Hakena believes there are repercussions if transitional justice doesn’t occur.

“It is happening now. Elderly people are passing on their negative experiences to their sons, who have not experienced that, and who will continue to hate the perpetrator’s family. Years later some of these kids will not know why they hate those people and there will be repercussions,” she elaborated.

The government is planning a review of its peace and security framework this year during which there will be an opportunity to explore people’s views on transitional justice, Elizah said.

The benefits of establishing a truth commission include a state-endorsed public platform for everyone to have their stories heard, give testimony of human rights abuses for possible further investigation and for recommendations to be made on legal and institutional reforms.

At the grassroots, people also point to the immense potential of implementing more widely customary processes of truth telling that have been used for generations.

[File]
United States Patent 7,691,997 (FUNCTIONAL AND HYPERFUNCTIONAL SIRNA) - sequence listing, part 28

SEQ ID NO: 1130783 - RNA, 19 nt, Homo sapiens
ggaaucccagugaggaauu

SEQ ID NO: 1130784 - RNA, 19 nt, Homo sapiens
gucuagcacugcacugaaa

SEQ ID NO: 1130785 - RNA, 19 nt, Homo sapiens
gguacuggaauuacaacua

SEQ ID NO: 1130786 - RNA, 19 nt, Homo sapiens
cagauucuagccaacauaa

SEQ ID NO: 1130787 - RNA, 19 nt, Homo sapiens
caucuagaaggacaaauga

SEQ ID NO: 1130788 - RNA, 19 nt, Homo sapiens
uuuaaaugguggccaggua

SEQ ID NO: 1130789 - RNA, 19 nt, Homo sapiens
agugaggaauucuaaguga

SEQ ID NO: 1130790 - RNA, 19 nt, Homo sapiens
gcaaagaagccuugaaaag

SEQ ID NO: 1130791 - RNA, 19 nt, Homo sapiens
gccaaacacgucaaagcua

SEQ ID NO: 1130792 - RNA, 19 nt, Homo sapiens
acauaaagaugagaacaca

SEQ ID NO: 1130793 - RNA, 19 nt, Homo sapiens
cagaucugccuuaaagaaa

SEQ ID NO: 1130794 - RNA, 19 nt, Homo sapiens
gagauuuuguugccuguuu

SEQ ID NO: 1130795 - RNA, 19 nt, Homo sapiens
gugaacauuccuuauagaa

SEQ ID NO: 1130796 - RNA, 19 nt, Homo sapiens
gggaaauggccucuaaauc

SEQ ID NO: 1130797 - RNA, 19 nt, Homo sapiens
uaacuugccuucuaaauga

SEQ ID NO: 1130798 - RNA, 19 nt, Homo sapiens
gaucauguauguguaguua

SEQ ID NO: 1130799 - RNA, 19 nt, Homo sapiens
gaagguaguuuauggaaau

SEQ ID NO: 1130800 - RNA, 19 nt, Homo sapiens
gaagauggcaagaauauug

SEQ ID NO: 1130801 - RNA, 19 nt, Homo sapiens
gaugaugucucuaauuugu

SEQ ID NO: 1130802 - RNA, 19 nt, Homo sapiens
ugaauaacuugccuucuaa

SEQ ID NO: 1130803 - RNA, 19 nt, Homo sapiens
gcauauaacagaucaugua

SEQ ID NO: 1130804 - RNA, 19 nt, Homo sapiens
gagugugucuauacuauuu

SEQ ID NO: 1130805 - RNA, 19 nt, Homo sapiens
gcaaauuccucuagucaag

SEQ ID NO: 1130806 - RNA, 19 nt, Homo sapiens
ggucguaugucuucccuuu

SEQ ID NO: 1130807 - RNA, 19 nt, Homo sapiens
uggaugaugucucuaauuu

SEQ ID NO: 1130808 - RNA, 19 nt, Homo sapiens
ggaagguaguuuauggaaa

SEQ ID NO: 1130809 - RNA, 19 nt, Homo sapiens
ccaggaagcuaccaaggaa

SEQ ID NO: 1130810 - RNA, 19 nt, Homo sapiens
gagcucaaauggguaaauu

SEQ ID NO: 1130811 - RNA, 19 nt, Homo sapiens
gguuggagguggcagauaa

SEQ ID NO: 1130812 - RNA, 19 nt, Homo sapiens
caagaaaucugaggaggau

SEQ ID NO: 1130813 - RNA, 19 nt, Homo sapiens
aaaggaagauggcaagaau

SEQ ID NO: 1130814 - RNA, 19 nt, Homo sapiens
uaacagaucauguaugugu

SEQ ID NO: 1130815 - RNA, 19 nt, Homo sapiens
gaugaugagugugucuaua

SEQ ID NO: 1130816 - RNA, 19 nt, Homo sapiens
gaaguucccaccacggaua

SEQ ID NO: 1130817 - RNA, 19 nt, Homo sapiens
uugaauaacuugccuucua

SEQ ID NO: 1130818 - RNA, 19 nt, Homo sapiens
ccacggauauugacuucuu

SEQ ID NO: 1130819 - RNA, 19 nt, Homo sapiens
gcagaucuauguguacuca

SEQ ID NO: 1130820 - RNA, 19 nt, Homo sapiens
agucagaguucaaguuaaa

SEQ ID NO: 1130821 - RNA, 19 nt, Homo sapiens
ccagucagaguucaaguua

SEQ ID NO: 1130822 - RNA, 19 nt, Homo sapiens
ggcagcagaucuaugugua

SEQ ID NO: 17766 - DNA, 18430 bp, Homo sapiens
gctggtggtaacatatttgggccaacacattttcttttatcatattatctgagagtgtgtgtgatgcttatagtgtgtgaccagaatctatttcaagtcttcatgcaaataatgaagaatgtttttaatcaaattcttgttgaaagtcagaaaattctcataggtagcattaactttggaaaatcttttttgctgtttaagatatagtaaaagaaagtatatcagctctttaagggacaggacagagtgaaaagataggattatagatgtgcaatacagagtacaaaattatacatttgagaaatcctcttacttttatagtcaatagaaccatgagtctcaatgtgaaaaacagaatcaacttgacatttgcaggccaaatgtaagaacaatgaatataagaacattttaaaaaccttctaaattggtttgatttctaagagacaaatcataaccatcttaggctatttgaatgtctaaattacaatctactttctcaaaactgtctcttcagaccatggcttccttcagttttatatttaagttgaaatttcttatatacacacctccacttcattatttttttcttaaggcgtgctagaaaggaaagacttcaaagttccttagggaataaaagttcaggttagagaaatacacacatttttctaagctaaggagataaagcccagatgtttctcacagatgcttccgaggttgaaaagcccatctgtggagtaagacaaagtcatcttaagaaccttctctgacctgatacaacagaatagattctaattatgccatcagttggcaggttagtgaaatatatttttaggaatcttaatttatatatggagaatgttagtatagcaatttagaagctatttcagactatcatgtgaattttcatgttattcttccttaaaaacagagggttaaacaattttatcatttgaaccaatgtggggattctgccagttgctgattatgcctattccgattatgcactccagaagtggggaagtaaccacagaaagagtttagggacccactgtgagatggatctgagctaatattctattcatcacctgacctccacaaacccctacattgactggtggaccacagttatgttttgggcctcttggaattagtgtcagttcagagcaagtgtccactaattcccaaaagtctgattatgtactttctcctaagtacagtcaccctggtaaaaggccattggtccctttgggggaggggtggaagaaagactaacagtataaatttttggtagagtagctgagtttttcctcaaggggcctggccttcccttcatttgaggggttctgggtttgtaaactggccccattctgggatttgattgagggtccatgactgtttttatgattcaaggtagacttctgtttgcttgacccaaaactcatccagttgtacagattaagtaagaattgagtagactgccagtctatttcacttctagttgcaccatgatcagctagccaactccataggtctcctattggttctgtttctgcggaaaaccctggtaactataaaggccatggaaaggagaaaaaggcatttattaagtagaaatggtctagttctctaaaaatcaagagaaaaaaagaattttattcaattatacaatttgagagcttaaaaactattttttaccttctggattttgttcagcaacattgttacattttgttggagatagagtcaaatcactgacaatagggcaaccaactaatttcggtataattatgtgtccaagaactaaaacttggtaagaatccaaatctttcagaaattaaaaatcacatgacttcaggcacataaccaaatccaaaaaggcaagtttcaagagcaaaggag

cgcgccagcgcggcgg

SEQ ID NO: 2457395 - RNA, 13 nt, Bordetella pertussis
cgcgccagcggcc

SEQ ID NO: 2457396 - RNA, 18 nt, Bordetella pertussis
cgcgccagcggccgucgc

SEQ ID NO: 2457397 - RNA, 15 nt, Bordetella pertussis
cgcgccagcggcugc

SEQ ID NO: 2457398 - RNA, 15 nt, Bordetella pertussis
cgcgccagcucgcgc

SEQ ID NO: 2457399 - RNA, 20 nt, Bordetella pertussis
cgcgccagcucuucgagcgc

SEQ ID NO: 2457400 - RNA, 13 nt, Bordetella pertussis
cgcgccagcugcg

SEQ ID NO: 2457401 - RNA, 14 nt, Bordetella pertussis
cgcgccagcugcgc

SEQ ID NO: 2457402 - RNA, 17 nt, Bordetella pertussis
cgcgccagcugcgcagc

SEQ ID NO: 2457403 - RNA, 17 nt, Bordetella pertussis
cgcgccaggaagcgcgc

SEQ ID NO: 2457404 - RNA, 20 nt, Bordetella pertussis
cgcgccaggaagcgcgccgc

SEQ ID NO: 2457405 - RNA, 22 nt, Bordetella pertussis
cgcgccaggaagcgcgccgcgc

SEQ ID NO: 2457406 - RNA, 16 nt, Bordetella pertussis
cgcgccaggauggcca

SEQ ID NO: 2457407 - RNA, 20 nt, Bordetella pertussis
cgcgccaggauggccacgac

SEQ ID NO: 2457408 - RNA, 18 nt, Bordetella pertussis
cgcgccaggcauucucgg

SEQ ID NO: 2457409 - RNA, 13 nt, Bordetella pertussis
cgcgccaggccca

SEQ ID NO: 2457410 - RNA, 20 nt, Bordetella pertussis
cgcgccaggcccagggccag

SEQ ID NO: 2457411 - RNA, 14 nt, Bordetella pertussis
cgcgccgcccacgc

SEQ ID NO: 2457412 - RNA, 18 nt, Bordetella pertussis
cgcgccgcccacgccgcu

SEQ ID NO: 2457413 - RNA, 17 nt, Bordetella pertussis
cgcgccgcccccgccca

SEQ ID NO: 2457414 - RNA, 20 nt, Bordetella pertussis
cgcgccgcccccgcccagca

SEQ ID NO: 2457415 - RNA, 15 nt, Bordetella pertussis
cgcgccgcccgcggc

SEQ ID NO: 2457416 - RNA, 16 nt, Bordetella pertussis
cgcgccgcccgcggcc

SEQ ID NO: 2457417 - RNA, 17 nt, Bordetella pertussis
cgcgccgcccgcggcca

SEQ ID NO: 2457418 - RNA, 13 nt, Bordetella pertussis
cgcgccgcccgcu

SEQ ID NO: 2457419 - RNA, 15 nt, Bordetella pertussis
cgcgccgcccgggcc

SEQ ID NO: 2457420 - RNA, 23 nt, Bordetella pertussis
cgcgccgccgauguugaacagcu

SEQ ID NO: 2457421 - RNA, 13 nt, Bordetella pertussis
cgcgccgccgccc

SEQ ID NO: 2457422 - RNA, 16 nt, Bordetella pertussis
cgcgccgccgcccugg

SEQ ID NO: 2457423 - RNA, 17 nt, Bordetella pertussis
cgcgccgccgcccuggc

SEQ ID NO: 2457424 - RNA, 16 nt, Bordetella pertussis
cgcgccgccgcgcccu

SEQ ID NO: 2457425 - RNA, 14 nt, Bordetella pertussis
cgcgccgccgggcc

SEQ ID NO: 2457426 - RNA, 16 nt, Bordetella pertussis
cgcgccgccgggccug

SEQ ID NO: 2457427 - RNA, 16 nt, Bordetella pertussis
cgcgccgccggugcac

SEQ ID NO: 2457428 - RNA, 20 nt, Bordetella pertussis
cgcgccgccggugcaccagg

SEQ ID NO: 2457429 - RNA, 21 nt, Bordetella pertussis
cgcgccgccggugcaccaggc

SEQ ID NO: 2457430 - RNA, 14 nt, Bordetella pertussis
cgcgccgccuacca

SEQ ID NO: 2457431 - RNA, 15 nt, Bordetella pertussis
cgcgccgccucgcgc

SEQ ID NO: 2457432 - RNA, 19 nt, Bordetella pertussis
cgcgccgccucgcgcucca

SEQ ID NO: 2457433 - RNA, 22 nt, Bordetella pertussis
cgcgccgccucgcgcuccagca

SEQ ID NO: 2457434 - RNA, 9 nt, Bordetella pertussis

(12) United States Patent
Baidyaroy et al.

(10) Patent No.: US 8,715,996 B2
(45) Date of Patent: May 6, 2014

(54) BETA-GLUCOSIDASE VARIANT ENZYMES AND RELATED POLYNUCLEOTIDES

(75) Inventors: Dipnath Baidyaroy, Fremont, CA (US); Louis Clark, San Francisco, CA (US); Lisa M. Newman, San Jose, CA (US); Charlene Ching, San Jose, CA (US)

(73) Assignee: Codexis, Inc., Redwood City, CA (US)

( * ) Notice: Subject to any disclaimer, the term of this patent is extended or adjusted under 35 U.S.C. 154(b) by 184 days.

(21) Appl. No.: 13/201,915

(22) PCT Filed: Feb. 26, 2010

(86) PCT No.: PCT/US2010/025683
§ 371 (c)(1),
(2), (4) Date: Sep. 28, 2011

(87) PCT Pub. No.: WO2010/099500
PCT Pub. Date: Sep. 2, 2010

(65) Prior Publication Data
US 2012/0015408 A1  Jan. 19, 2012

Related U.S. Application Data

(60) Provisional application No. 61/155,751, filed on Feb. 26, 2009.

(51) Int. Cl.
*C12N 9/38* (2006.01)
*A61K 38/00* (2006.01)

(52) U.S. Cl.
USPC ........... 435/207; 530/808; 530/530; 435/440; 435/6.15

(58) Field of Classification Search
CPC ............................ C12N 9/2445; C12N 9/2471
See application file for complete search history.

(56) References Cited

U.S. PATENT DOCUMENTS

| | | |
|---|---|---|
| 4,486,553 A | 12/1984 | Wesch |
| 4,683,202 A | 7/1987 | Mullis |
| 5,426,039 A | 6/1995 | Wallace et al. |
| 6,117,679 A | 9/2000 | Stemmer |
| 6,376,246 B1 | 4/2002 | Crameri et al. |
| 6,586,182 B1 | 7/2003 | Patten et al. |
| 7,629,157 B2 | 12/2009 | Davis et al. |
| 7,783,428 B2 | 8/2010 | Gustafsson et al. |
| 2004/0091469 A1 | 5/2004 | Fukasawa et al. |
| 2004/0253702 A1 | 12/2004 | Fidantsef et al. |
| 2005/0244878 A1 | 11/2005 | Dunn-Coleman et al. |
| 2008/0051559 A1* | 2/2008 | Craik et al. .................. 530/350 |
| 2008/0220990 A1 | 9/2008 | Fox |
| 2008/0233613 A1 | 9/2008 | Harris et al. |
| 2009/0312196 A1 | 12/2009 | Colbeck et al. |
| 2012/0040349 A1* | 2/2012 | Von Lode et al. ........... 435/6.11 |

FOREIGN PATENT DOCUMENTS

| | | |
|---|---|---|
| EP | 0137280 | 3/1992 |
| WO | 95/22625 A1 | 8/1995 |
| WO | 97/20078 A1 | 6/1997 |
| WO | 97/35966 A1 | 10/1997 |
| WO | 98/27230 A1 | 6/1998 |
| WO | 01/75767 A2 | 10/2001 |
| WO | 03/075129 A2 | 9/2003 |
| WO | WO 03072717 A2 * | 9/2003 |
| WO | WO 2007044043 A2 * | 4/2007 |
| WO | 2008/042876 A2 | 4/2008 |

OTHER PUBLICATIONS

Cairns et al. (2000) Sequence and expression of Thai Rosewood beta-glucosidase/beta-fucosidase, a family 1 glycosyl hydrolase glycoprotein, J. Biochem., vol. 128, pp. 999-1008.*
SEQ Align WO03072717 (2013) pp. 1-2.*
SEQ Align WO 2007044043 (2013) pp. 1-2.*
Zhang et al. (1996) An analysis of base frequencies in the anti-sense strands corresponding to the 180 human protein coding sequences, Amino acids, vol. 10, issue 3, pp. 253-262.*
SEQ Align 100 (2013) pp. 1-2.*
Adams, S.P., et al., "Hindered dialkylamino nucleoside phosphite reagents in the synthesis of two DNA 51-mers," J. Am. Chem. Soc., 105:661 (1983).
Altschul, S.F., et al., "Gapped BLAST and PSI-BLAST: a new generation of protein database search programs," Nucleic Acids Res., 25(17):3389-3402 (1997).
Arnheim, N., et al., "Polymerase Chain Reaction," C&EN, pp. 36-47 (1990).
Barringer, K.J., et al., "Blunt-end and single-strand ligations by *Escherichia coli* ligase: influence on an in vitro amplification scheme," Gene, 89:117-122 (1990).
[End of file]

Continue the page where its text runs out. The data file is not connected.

“We do have traditional ceremonies where everybody comes together, the perpetrators and the victims and all others who are affected and they will thrash and throw out everything. That is very much like a truth commission, where, in the end, they say this is what we did,” Rosemary Moses at the Bougainville Women’s Federation in Arawa said.

Unabali agreed that durable peace should be built first on traditional truth telling mechanisms, which had widespread legitimacy in the minds of individuals and communities, even if a truth commission was also considered.


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Catherine Wilson